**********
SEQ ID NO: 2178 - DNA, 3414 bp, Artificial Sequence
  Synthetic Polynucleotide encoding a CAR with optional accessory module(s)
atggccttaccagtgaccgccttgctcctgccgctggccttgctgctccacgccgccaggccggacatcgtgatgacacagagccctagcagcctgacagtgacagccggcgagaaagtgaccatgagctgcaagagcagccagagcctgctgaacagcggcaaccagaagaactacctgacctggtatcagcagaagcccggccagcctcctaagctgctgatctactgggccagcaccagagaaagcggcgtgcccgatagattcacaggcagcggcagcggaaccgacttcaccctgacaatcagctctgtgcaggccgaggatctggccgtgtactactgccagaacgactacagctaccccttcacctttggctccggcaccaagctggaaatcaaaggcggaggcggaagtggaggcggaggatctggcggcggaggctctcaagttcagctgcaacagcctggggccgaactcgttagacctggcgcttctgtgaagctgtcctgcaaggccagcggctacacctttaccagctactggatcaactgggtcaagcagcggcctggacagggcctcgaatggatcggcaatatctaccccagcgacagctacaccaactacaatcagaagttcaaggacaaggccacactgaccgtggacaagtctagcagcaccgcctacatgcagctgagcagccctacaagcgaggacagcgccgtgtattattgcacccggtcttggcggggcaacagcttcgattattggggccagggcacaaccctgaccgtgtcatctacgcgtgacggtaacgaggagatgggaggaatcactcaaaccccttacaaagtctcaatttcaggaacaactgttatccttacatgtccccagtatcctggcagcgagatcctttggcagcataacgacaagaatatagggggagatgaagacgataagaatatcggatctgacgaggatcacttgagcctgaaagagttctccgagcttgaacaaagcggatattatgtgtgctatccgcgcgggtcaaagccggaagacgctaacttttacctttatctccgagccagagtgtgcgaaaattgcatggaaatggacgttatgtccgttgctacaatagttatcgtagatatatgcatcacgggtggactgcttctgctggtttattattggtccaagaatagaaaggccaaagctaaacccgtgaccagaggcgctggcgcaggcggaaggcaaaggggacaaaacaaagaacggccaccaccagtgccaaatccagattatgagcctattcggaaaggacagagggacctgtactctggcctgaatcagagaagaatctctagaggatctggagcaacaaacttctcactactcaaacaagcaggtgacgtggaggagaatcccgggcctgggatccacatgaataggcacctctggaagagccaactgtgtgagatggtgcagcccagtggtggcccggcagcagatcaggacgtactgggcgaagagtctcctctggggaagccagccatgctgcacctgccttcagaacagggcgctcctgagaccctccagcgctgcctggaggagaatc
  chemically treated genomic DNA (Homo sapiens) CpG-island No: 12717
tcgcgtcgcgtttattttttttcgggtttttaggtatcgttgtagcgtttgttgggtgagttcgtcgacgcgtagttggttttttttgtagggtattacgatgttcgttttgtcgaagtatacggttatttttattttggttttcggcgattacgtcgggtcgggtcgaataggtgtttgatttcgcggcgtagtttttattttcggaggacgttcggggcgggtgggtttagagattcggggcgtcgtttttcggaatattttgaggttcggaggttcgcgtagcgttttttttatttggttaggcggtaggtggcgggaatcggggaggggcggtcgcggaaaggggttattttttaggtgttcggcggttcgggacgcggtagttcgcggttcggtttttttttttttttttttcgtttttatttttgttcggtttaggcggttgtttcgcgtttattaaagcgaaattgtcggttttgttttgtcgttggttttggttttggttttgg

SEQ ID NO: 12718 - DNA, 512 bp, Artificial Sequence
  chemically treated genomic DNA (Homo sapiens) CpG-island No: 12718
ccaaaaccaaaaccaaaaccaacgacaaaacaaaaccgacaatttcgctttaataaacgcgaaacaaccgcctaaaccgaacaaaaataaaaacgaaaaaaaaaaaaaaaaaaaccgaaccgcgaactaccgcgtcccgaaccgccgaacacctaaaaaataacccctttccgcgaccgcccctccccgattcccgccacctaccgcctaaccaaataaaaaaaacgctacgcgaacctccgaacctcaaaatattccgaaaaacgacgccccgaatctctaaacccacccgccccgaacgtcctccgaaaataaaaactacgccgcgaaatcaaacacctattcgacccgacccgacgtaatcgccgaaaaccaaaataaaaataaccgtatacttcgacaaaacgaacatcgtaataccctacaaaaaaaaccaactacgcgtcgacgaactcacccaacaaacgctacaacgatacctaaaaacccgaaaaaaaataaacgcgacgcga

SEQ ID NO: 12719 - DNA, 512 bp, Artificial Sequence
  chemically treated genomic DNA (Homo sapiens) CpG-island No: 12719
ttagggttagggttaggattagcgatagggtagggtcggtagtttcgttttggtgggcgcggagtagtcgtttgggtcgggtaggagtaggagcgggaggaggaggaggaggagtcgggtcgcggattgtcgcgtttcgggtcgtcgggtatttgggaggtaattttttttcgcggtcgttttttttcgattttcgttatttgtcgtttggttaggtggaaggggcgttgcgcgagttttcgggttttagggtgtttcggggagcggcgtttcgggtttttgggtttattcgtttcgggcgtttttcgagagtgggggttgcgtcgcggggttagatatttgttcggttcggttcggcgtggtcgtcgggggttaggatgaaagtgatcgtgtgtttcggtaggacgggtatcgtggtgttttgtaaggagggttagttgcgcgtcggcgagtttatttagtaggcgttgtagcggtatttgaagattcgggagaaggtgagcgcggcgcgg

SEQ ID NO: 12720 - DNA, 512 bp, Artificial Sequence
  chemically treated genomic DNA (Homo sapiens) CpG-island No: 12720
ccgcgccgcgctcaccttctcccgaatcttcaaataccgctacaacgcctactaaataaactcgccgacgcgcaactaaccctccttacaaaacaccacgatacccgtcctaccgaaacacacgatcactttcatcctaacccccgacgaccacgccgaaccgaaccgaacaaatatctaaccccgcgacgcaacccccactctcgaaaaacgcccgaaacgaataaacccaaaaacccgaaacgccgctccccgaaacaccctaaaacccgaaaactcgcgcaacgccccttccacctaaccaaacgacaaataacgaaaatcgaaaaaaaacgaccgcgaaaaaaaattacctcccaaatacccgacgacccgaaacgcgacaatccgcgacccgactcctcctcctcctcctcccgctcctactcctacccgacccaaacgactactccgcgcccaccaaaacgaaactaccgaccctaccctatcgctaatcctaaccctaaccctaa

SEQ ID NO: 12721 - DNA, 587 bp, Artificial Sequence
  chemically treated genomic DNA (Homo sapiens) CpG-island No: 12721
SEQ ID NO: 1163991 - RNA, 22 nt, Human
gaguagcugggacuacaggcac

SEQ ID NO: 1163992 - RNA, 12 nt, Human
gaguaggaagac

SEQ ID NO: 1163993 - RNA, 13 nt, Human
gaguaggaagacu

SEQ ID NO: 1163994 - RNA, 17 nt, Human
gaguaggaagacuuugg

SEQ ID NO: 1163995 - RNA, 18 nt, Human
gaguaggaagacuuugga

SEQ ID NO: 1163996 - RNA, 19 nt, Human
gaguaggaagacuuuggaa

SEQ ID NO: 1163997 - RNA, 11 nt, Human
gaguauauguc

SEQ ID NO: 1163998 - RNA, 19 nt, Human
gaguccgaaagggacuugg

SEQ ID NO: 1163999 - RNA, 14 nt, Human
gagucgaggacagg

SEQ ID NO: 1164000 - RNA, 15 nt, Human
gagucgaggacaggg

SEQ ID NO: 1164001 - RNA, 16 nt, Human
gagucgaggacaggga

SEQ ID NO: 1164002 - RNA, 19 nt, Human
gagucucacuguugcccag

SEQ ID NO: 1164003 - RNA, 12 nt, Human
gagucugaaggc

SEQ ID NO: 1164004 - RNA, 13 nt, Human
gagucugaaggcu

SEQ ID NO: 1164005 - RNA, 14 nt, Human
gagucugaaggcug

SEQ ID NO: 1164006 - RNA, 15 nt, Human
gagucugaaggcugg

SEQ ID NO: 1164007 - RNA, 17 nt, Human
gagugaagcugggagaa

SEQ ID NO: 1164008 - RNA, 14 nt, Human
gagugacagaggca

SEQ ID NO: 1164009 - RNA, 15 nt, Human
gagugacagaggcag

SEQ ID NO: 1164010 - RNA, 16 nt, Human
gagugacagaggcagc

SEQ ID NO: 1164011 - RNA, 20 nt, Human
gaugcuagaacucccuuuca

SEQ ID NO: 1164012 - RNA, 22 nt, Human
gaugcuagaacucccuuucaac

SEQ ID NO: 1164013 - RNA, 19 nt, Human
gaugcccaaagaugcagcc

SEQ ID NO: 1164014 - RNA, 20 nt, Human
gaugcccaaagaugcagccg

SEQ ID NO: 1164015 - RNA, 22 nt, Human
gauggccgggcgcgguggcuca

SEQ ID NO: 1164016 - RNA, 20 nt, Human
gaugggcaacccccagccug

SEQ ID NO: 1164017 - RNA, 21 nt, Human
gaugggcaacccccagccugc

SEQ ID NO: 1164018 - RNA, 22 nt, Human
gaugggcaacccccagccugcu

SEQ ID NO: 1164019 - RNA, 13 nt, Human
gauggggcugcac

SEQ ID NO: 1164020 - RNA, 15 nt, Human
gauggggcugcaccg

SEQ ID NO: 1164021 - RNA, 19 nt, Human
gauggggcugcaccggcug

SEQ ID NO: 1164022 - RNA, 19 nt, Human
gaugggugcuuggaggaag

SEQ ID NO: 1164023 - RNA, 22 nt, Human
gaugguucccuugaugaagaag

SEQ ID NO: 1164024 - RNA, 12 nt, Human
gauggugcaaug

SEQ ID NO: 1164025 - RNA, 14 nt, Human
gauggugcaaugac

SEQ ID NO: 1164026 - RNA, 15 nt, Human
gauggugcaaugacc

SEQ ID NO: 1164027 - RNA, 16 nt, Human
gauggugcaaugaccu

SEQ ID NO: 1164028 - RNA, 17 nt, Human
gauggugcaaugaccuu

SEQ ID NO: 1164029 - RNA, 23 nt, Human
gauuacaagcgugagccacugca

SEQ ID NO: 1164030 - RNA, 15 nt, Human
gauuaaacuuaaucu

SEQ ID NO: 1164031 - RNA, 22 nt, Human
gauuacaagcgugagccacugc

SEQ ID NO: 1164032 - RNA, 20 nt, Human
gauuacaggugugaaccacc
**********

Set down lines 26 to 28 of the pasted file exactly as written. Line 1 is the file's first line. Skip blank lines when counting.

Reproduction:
gaguaggaagacuuugga

SEQ ID NO: 1163996 - RNA, 19 nt, Human
gaguaggaagacuuuggaa